The Government’s Policy on Motorcycle Antilock Brakes is Based on Junk Science

Federal regulators canceled their plans to mandate lifesaving motorcycle-safety equipment after churning out a low-quality, industry-friendly study

Photo credit: Flickr user Eric Schmuttenmaer

As I reported earlier, government regulators at the National Highway Traffic Safety Administration (NHTSA) dropped their plans to mandate antilock brake systems (ABS) on all motorcycles sold in the United States after releasing a 10-page report in 2010, mysteriously concluding the technology didn’t offer any real safety benefits.

That report flew in the face of a tall stack of studies by reputable scientists from around the world, not to mention research the agency had been conducting on its own since 2002. All of them arrived at the same findings, more or less: that ABS definitely helps motorcyclists stop more effectively, and that a nationwide mandate on the technology would save the lives of scores of American bikers. Data from the U.S. insurance industry suggest the figure could be as high as 1,500 a year, comparable to the number who would be saved if helmet use were mandatory.

After the NHTSA released its anti-ABS final report, unbiased observers called the agency out for publishing flawed science and demanded it reinstate its planned mandate on the technology. Harley-Davidson and other big motorcycle companies had to be pleased, though; they sold ABS as an expensive luxury option and didn’t want a government mandate on the technology to kill their cash cow.

I believe lobbyists hired by these companies convinced NHTSA to stop its research on motorcycle ABS, and that the agency’s 2010 report was manufactured as an excuse for doing so.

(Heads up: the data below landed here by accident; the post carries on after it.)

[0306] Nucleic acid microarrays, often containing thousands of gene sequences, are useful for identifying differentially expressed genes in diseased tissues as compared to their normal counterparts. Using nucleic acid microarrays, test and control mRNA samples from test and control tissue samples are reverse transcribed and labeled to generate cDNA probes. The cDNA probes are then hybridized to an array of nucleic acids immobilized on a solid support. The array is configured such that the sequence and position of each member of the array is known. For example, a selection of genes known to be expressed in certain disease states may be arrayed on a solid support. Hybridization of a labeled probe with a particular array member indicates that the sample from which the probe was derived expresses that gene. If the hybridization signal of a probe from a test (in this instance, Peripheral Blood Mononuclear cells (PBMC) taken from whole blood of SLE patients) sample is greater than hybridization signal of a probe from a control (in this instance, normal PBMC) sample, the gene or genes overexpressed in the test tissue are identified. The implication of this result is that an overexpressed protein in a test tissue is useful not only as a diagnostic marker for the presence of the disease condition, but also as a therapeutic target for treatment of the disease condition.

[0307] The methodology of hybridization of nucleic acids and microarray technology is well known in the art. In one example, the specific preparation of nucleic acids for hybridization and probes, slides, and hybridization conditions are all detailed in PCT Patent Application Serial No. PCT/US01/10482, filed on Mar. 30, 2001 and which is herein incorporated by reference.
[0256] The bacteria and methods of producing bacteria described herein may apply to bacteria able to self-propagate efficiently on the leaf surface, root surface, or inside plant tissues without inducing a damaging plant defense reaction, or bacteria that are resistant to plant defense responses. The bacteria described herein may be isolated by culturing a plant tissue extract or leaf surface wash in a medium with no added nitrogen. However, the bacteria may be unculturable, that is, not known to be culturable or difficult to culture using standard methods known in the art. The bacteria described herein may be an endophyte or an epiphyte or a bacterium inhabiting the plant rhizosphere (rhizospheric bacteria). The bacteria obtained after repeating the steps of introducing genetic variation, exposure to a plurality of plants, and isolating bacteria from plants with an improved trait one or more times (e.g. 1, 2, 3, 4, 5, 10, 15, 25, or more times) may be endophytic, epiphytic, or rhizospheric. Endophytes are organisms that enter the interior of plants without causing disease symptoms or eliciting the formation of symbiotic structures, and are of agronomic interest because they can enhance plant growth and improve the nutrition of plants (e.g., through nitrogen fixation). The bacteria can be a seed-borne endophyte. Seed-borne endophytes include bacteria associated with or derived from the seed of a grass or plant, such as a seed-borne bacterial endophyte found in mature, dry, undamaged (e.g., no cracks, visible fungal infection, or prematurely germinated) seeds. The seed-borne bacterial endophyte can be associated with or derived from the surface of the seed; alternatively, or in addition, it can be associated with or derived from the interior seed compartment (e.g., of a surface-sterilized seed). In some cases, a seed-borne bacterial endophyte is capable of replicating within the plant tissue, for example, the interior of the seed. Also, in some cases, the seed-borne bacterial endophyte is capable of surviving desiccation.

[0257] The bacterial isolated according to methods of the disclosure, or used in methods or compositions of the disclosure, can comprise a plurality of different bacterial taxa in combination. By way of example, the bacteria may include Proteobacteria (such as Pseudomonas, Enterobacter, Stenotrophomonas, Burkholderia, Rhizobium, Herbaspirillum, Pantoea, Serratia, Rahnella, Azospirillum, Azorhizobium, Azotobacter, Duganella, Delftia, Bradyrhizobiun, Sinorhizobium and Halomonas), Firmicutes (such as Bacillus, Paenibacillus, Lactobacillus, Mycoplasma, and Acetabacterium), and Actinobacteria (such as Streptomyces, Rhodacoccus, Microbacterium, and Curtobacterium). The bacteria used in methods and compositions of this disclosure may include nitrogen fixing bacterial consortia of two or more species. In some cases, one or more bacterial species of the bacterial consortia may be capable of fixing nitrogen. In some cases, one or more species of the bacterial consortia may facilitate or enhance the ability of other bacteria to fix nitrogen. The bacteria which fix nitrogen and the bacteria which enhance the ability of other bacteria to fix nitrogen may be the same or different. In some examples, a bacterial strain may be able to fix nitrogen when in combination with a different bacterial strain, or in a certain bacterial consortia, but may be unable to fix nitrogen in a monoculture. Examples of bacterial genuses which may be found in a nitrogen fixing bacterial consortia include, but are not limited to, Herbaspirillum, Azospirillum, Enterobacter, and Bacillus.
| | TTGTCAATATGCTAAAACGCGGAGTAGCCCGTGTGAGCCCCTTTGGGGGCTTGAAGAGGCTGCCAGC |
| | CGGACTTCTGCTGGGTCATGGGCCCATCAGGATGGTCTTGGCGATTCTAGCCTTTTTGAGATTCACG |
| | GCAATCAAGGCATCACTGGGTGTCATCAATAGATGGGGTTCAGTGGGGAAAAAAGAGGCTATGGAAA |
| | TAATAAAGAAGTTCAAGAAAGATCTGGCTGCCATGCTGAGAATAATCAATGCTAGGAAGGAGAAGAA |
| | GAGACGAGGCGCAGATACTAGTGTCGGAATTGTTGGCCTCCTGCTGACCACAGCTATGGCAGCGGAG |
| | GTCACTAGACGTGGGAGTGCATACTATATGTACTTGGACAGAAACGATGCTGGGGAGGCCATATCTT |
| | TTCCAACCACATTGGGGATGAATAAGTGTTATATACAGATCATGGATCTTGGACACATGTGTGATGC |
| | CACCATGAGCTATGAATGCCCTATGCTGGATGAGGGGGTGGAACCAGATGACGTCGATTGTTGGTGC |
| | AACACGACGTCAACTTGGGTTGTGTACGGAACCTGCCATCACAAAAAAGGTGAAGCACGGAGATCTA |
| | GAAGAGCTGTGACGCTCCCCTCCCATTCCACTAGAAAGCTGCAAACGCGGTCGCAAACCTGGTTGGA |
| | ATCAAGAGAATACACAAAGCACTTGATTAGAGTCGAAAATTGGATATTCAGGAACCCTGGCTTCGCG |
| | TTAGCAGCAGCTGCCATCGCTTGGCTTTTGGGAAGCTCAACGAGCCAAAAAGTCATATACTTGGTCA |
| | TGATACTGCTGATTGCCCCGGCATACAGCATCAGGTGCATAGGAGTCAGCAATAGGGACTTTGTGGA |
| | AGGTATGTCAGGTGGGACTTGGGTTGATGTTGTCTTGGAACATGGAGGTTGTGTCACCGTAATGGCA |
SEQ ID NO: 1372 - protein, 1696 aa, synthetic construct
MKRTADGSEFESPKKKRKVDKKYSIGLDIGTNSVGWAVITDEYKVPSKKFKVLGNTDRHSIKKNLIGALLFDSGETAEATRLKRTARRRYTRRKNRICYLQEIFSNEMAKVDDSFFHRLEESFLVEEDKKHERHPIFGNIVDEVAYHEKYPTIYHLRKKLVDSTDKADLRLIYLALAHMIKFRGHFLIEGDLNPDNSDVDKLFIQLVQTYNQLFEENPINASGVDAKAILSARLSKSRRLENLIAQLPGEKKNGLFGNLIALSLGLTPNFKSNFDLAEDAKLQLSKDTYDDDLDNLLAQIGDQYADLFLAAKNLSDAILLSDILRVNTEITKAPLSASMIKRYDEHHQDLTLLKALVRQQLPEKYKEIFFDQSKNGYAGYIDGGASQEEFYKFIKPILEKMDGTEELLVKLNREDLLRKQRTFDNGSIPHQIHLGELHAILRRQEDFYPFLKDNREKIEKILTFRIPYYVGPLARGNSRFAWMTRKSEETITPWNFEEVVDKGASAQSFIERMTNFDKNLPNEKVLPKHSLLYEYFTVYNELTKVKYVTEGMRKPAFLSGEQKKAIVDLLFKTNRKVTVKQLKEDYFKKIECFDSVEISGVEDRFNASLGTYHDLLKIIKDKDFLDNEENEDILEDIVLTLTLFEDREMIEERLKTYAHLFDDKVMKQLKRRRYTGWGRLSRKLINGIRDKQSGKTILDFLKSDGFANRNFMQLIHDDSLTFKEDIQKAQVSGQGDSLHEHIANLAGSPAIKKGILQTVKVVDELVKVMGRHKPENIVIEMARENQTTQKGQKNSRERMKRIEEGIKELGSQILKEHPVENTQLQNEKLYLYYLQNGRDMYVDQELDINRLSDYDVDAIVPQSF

Today I’ll be taking a closer look at ABS studies that have been conducted around the world over the last 15 years and comparing them with the questionable findings in NHTSA’s 2010 report.


2001
Evaluation of Motorcycle Braking System Performance and Characteristics Relative to Current Regulatory Standards
This study tested five motorcycle models from different manufacturers and in different categories, with and without ABS. It found the “touring” category bike “did consistently stop in a shorter distance” when equipped with ABS, providing “additional rider confidence.”

2003
Review of Motorcycle Brake Standards
This study “demonstrated reduced stopping distances with the ABS enabled” on the motorcycles it examined, both in straightaways and in turns.

2003
Performance Evaluation for Various Braking Systems of Street Motorcycles
This study found ABS eliminates “any possibility of crashing because of locked wheels.”

2004
Motorcycle Brake System Comparison Tests
This study showed motorcycles experienced “an improvement in braking performance with the use of ABS, even compared with the best stops obtained without ABS.” Without the technology, the study’s riders “required numerous trials to approach the maximum performance capacity of the motorcycle,” but riders with it were “able to quickly obtain consistent maximum deceleration results.”

2006
A Comparison of Stopping Distance Performance for Motorcycles Equipped with ABS, CBS and Conventional Hydraulic Brake Systems
This study concluded motorcycles “equipped with the anti-lock braking system provide all riders with the advantage of a high level of braking performance at the time of need.”

2009
Effectiveness Evaluation Of Antilock Brake Systems (ABS) For Motorcycles In Real-World Accident Scenarios
This study examined hundreds of past accidents involving motorcycles and concluded half of them could have been prevented by ABS.

2009 
Final Report for Phase 3 Motorcycle ABS and CBS Testing
This study found “greater average Mean Fully Developed Deceleration … was nearly always achieved with motorcycles having ABS” and that a rider can use it “to ensure limit or near limit braking performance in an emergency situation.”